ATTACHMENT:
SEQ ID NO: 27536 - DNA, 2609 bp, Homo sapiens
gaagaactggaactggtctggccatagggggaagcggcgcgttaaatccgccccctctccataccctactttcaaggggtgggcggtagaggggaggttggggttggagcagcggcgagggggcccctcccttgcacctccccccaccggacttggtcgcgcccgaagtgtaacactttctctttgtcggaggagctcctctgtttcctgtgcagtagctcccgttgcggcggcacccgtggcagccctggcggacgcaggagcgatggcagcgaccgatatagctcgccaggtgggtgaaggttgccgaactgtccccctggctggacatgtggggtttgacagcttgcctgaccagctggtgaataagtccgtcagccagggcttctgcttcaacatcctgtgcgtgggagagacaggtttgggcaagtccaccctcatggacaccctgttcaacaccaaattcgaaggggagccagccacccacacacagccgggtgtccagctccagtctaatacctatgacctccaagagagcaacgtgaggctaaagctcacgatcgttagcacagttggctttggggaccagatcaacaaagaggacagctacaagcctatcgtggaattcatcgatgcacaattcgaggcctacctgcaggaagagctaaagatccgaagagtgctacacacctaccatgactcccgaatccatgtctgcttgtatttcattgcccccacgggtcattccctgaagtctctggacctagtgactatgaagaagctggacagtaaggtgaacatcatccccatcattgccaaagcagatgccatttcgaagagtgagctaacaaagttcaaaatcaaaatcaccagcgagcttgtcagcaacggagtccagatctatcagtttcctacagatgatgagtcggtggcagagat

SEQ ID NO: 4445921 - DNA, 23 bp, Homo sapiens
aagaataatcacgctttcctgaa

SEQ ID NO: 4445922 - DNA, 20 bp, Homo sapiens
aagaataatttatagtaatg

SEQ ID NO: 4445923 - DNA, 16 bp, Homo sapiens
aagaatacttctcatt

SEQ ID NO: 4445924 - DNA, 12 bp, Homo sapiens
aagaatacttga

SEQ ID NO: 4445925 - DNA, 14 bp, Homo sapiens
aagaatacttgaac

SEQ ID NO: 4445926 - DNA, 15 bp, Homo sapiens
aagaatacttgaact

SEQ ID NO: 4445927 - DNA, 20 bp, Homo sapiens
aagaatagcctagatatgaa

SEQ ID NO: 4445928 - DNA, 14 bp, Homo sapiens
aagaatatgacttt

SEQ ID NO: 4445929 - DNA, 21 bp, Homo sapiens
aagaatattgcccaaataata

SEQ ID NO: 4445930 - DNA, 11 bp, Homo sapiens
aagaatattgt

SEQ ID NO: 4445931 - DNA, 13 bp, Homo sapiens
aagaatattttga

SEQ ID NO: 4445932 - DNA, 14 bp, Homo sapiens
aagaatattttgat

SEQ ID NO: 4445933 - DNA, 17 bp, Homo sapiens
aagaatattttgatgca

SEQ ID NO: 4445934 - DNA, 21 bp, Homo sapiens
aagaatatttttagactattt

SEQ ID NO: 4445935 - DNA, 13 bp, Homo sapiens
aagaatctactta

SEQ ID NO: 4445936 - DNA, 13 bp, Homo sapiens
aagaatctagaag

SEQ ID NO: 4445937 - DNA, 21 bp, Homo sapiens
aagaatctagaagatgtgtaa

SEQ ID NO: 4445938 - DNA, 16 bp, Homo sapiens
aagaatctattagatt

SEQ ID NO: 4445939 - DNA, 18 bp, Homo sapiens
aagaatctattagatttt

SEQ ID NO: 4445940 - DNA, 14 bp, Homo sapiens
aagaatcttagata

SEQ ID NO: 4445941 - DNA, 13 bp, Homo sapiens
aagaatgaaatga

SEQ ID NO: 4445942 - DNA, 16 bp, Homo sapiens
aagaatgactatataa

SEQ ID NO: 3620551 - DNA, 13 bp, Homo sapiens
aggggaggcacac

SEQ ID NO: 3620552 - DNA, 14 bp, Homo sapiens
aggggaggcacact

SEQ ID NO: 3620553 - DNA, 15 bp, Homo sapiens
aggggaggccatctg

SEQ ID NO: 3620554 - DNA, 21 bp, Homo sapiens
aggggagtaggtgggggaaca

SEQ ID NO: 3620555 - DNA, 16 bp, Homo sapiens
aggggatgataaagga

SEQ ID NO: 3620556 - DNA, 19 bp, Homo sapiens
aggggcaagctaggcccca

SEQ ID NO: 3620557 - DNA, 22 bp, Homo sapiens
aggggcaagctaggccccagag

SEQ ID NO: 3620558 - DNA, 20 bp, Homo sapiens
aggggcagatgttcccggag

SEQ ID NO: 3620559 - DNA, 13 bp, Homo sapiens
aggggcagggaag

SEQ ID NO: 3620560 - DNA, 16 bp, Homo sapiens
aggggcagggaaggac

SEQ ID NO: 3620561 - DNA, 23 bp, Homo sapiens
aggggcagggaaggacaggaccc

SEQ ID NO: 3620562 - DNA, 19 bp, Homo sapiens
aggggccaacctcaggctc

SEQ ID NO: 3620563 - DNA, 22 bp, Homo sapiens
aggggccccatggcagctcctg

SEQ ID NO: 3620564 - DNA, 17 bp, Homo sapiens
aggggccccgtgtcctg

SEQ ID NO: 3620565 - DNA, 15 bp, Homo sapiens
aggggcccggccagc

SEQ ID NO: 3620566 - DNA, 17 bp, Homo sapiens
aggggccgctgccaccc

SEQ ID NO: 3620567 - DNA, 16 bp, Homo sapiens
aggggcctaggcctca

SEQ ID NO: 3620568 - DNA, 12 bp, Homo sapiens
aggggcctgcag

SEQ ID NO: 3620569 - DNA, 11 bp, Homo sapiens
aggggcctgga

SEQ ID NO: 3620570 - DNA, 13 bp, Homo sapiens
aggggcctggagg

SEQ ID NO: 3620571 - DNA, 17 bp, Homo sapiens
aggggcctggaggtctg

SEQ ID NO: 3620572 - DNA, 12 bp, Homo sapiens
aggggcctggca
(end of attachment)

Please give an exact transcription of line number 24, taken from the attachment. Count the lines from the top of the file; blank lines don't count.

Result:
aagaatattttga